RUSSIAN SUPREME COURT SAYS INTERNATIONAL SANCTIONS ARE SUFFICIENT TO IGNORE DISPUTE RESOLUTION CLAUSE

Is the introduction of international sanctions against a person sufficient to justify a move of the agreed dispute resolution forum to Russia? This has been a hot topic for discussion since June 2020. In JSC Uraltransmash v PESA (case No. А60-36897/2020) the Supreme Court has put an end to this debate.

On 9 December 2021, the Supreme Court issued its judgment where it unequivocally held that if international sanctions are introduced against an entity, the Russian courts will have jurisdiction to hear disputes where such an entity is a party. That will be the case notwithstanding a dispute resolution clause providing for a different forum. It is not necessary for the sanctioned entity to provide any evidence that the agreed dispute resolution clause is unenforceable due to “obstacles to access to justice” caused by sanctions. The mere fact that sanctions have been imposed is deemed sufficient to create obstacles for a sanctioned entity to access to justice: therefore, the sanctioned entity can simply submit to the jurisdiction of the Russian courts.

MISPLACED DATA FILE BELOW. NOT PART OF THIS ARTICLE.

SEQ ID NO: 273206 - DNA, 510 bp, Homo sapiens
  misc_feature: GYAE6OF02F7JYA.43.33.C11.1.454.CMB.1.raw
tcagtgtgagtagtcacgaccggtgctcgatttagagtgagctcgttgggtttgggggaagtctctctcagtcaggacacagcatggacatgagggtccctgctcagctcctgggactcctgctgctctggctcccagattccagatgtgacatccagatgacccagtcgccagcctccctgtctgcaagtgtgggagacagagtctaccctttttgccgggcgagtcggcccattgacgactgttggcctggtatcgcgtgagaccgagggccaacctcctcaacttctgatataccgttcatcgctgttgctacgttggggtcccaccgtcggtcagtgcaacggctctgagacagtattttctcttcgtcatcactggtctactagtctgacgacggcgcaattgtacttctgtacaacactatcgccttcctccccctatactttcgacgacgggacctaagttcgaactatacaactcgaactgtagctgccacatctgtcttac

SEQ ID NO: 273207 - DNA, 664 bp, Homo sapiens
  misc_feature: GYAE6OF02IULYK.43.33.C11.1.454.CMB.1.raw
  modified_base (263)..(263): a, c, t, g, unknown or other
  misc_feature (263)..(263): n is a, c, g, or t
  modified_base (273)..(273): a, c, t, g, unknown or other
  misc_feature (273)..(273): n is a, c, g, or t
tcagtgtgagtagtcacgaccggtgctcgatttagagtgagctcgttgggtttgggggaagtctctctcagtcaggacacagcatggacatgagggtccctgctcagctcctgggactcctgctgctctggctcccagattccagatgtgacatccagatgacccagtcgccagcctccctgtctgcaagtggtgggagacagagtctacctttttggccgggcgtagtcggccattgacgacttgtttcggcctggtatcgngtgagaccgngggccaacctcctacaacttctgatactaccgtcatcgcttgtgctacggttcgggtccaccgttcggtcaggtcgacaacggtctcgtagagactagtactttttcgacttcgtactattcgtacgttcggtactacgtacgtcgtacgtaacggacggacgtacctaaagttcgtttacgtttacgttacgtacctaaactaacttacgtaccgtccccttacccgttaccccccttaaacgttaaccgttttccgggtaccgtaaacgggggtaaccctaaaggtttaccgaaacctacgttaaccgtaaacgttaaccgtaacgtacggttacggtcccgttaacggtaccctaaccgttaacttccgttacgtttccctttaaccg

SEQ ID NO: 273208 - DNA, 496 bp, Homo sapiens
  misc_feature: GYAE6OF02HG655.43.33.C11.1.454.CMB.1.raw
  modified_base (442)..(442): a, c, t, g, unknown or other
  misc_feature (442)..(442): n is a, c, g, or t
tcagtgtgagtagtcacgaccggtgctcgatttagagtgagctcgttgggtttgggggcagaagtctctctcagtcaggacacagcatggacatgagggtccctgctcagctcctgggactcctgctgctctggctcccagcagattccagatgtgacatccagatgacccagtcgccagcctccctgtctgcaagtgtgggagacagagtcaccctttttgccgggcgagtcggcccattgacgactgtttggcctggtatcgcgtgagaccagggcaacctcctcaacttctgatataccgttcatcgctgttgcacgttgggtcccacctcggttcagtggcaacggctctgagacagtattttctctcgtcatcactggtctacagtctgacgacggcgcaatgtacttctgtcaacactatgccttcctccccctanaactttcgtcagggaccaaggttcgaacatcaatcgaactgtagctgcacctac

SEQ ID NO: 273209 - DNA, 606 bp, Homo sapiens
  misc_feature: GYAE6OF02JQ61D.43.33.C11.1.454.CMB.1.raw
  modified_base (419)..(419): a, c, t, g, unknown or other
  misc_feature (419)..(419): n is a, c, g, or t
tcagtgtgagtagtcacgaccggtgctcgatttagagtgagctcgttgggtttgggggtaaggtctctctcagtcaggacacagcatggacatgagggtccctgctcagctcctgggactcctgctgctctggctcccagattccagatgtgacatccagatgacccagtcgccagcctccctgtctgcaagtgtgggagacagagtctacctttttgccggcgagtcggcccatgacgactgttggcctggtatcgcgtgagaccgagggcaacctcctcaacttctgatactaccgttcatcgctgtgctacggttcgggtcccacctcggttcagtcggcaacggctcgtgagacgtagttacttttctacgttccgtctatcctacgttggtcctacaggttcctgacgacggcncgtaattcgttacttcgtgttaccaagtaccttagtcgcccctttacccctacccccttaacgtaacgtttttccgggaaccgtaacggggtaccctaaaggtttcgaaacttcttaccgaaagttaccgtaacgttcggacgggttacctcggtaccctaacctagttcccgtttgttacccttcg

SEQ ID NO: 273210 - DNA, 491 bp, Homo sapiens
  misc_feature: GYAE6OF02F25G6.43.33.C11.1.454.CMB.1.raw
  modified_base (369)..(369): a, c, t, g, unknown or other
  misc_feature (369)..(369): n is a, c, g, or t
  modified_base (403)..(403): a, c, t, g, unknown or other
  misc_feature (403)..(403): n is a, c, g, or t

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OVERVIEW OF THE LATEST COURT PRACTICE ON THE RUSSIAN SANCTIONS-RELATED AMENDMENTS—IS WINTER COMING?

This analysis was first published on Lexis®PSL on 29 October 2021 and can be found here (subscription required).

Ivan Teselkin, partner, Maria Dolotova, of counsel, Alexander Gridasov, senior associate, and Sergei Eremin, senior associate, of Herbert Smith Freehills provide an overview of Russian court decisions on the impact of recent amendments to Russian law relating to international sanctions against the Russian Federation.

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